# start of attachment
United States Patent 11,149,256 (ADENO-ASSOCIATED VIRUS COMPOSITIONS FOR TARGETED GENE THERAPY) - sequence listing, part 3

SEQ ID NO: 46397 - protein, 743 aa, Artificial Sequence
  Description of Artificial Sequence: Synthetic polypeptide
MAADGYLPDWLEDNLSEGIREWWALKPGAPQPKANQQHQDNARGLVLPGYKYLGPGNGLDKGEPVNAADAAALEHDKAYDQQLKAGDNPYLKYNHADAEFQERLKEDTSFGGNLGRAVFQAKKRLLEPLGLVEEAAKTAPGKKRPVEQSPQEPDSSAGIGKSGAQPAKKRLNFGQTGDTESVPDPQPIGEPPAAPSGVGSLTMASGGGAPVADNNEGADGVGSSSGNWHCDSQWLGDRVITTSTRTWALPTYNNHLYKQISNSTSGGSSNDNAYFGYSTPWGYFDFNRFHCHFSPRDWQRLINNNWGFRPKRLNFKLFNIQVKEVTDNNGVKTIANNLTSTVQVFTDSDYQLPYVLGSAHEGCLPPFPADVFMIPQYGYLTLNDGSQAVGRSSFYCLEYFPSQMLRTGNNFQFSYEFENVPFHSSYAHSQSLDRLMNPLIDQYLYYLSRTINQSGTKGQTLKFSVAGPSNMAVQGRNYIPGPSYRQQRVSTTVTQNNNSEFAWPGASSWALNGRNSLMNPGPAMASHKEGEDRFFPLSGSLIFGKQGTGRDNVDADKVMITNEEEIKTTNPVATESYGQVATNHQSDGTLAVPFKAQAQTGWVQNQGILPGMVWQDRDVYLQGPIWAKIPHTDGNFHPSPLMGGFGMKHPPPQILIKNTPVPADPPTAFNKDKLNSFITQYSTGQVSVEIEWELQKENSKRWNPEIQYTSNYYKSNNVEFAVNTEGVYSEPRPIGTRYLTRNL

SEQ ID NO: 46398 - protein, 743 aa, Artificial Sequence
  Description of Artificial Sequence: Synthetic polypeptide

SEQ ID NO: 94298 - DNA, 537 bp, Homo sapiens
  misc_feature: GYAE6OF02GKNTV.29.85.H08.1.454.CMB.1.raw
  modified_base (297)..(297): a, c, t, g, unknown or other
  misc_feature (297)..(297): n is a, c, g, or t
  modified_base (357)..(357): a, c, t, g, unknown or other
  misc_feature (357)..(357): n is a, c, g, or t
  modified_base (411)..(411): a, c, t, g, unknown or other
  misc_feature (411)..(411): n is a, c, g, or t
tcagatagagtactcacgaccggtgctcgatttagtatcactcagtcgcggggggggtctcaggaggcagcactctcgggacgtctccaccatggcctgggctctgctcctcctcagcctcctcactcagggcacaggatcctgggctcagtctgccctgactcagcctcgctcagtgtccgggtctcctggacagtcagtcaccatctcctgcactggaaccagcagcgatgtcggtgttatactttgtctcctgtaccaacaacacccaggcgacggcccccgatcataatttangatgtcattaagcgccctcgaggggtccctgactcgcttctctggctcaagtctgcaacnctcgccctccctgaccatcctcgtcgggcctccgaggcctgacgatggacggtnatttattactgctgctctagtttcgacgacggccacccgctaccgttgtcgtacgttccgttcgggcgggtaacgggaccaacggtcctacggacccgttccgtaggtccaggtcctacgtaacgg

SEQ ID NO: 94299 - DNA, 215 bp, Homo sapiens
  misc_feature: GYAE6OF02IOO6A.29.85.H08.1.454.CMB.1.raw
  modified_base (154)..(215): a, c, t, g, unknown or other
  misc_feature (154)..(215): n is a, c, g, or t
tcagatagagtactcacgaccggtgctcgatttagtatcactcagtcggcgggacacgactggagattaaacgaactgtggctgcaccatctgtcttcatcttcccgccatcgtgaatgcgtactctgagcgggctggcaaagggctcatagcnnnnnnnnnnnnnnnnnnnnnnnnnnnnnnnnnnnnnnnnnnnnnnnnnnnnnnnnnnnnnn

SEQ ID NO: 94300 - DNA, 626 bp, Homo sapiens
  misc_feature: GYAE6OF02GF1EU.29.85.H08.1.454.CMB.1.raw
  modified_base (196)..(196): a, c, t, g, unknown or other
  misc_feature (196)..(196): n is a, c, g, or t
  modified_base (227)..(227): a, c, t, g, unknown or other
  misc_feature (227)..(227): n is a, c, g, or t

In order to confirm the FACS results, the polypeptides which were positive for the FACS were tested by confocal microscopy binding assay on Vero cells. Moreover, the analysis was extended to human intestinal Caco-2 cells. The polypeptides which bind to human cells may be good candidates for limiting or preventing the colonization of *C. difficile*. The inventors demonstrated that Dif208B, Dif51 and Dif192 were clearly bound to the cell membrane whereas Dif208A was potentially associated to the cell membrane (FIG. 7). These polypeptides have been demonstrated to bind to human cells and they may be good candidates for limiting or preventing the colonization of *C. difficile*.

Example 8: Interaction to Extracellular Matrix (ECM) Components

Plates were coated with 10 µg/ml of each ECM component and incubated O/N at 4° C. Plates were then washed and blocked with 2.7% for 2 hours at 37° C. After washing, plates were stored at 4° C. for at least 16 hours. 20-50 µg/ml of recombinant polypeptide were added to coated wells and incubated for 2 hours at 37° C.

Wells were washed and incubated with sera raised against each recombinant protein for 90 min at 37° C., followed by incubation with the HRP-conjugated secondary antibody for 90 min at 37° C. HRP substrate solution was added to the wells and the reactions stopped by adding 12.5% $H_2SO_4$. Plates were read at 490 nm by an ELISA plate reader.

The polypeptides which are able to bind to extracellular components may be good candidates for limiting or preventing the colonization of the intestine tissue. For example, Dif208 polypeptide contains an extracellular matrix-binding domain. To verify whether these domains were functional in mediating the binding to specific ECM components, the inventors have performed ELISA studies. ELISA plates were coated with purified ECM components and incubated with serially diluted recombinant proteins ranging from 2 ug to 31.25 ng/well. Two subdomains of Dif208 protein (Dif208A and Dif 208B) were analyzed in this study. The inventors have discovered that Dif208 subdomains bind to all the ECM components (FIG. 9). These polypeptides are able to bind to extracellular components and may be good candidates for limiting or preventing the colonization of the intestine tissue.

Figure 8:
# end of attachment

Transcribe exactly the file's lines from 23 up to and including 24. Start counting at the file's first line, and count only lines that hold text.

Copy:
  modified_base (196)..(196): a, c, t, g, unknown or other
  misc_feature (196)..(196): n is a, c, g, or t